Plaintiff also testified that Anderson acted disrespectfully to her. For example, in one of the last sales meetings that she attended, Anderson asked each salesperson in attendance to describe what he or she was working on. Id. at 46:1-3. When he reached plaintiff, she mentioned that she "was working on Loews Hotel" and Anderson responded "it's not going to happen." Id. at 46:3-7. Flustered, plaintiff began discussing the next account she had been working on. Id. at 46:7-13. Before she could continue Anderson cut her off, again saying "it's not going to happen." Id. at 46:15-16. At another sales meeting, Anderson asked everyone in the room except plaintiff what he or she was working on. Id. at 47:11-14. When plaintiff interjected that she had not shared what she was working on, Anderson ignored her and kept on talking.

Id. at 47:16-17. On another occasion, Anderson read plaintiff's sales numbers out loud and criticized them in front of the whole group. Id. at 52:3-5. She testified that she endured this sort of behavior at every sales meeting, id. at 47:2-4 ("There was not one sales meeting where [Anderson] did not harass me in some capacity."), and that Anderson never criticized anyone else. Id. at 48:14-16.

Plaintiff testified that when she learned that her compensation structure had been changed to commission only, she was pleased. Id. at 64:5 ("I preferred 100 percent commission."). When she pressed Anderson for the details of her compensation package, however, he refused to answer, saying "[j]ust leave. I'll let you know. I'll let you know." Id. at 64:17-18. Plaintiff believed, based on her experience in the industry, that she was entitled to twenty percent commission and benefits. Id. at 64:20 - 65:9. She received notice via a letter sent by Anderson that her commission would be ten percent and she would not be entitled to benefits. Id. at 65:19-22. When she questioned Anderson about what she considered to be inadequate compensation, he responded "that's what it is and if you don't like it, you can quit." Id. at 65:20-22. The day after receiving the change in compensation, plaintiff was in a co-worker's office when Anderson entered and became "enraged when he saw [plaintiff] in the office." Id. at 76:17-18.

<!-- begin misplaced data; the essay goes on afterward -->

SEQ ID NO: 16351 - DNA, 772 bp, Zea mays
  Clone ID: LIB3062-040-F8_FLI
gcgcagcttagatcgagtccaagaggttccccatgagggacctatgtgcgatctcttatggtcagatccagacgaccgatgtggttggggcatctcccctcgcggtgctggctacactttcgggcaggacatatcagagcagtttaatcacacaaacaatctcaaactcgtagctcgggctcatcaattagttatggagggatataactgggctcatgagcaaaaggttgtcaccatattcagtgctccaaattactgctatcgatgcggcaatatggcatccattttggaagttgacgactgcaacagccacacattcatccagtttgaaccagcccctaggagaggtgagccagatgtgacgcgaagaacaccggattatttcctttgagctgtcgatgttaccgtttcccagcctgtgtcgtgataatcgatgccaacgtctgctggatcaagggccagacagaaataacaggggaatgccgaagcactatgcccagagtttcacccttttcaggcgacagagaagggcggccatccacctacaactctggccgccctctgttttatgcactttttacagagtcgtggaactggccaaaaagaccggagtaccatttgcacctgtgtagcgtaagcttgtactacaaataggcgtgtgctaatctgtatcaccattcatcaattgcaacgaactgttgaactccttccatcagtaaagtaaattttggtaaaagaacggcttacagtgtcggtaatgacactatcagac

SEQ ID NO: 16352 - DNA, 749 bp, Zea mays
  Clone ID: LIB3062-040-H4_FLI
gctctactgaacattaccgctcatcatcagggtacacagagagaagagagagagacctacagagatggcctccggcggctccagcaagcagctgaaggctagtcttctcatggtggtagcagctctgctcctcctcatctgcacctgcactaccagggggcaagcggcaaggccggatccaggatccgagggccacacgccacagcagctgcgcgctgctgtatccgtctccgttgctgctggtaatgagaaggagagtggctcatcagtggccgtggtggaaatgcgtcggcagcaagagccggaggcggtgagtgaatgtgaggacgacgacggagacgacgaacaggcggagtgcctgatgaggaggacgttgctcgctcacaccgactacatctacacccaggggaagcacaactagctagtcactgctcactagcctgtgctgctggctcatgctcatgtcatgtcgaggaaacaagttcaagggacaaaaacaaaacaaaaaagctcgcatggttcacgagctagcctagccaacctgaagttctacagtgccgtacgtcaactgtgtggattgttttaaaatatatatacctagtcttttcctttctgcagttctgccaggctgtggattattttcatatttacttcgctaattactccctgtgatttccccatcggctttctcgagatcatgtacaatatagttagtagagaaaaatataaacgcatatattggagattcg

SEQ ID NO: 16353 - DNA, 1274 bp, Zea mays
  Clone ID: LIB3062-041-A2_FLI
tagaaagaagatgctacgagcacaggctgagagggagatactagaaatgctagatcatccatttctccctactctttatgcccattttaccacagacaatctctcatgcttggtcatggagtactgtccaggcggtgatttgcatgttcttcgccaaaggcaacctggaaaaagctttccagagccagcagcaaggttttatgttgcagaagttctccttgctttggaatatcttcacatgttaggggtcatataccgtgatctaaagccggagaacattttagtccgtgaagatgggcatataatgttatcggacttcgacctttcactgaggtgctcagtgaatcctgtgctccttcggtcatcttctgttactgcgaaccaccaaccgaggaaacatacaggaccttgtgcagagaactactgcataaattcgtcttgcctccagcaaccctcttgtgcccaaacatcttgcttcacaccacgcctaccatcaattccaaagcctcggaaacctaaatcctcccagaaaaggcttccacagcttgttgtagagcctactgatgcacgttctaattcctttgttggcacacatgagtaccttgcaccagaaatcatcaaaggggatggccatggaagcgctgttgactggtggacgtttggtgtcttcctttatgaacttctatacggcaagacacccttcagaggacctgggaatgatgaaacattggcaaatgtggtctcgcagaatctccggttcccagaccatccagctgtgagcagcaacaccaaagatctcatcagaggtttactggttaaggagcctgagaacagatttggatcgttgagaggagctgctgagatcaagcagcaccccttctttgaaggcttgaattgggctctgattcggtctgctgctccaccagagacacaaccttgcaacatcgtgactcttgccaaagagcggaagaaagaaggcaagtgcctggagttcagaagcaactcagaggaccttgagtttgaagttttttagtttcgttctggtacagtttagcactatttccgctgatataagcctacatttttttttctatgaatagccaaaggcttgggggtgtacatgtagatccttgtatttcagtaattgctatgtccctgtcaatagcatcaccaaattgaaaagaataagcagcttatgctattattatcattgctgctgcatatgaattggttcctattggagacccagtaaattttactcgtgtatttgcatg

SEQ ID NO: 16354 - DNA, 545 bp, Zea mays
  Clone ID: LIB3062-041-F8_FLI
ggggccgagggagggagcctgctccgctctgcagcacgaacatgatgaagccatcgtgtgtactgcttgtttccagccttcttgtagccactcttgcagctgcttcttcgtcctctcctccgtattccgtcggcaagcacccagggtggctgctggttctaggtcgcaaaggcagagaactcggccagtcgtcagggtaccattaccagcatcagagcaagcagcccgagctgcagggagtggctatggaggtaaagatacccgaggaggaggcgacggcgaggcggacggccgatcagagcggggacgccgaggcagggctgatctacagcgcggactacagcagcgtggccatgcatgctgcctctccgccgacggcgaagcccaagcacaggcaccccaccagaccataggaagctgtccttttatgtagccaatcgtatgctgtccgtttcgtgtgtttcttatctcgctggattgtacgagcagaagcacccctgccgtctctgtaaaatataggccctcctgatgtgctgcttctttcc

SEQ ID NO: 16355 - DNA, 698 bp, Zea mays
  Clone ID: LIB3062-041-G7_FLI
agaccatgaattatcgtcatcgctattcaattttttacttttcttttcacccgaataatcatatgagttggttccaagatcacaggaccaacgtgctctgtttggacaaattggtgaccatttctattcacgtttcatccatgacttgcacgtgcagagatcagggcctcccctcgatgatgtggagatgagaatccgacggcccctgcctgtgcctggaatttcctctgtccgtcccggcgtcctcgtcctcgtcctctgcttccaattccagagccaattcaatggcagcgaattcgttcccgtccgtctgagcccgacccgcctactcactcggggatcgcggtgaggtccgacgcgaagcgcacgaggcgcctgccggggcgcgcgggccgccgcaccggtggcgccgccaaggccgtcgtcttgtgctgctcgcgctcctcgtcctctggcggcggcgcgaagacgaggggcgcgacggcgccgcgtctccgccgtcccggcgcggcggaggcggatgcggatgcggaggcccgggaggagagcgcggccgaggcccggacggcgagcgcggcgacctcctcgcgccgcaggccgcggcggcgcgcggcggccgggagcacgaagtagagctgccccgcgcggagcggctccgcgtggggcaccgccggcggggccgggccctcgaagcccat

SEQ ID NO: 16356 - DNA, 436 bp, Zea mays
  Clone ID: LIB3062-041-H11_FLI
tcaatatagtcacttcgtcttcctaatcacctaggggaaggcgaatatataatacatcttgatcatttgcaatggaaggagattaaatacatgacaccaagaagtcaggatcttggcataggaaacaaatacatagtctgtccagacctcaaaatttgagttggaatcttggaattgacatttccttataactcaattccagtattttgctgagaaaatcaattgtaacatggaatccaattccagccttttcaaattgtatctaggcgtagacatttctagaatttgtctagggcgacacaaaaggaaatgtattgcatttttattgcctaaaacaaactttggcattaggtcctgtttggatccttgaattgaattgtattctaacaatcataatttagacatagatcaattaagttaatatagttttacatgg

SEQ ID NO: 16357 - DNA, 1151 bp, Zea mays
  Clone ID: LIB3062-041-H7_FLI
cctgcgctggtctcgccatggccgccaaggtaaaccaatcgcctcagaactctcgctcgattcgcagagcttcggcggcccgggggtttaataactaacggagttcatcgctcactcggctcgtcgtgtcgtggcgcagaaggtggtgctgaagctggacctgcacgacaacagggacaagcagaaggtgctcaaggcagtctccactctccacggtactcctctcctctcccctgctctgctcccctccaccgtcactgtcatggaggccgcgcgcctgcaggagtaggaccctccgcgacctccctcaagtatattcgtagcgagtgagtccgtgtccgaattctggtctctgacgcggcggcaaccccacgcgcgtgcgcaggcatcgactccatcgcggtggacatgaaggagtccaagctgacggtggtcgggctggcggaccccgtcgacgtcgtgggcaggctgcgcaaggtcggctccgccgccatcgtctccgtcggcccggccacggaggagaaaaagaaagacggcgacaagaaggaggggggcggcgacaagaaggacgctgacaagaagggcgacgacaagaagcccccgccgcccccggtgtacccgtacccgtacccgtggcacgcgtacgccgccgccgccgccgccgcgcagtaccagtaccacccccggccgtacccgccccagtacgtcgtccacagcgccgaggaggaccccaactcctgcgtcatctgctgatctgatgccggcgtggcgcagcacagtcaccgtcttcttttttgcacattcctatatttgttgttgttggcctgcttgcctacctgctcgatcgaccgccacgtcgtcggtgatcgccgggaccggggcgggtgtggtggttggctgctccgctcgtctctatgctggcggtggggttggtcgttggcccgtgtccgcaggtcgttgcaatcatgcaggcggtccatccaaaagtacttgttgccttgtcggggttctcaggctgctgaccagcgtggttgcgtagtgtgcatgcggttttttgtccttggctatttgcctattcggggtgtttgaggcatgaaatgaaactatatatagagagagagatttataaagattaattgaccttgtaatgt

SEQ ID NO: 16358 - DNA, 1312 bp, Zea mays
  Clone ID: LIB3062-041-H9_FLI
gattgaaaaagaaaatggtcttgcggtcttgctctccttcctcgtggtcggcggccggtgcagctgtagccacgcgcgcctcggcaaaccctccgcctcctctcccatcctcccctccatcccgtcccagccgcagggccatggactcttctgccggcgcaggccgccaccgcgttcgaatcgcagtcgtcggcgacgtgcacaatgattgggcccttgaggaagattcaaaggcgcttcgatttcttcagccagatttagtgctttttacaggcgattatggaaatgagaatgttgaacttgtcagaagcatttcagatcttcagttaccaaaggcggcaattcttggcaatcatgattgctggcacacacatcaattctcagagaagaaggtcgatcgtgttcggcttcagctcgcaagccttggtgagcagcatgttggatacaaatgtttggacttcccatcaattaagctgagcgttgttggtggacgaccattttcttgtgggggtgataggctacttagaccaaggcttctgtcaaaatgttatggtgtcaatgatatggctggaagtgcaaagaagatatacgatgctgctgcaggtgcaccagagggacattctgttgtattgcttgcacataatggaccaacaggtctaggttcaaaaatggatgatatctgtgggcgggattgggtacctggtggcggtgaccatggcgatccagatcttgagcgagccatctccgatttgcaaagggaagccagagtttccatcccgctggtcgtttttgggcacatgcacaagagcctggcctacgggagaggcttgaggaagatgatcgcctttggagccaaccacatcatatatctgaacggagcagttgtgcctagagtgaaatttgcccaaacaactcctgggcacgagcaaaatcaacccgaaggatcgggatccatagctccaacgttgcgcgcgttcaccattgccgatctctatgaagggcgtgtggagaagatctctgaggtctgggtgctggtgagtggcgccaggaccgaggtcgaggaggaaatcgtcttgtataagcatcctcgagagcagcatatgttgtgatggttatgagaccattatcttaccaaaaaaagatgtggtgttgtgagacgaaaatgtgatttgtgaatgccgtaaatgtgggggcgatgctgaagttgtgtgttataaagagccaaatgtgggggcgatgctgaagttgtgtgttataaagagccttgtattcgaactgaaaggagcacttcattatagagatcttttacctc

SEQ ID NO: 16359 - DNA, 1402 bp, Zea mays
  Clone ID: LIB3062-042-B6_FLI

Plaintiff testified that she had no reason to believe that any of Anderson's conduct toward her, other than her compensation change, was because of her gender. Id. at 77:14-18 ("Q. Do you believe any of [Anderson's] other conduct toward you was based on because you were a woman or just the compensation?" A. I don't know. But I would say the compensation."); See Def.'s Statement of Uncontested Facts ¶ 43; Pl.'s Ans. to Def.'s Statement of Uncontested Facts ¶ 43.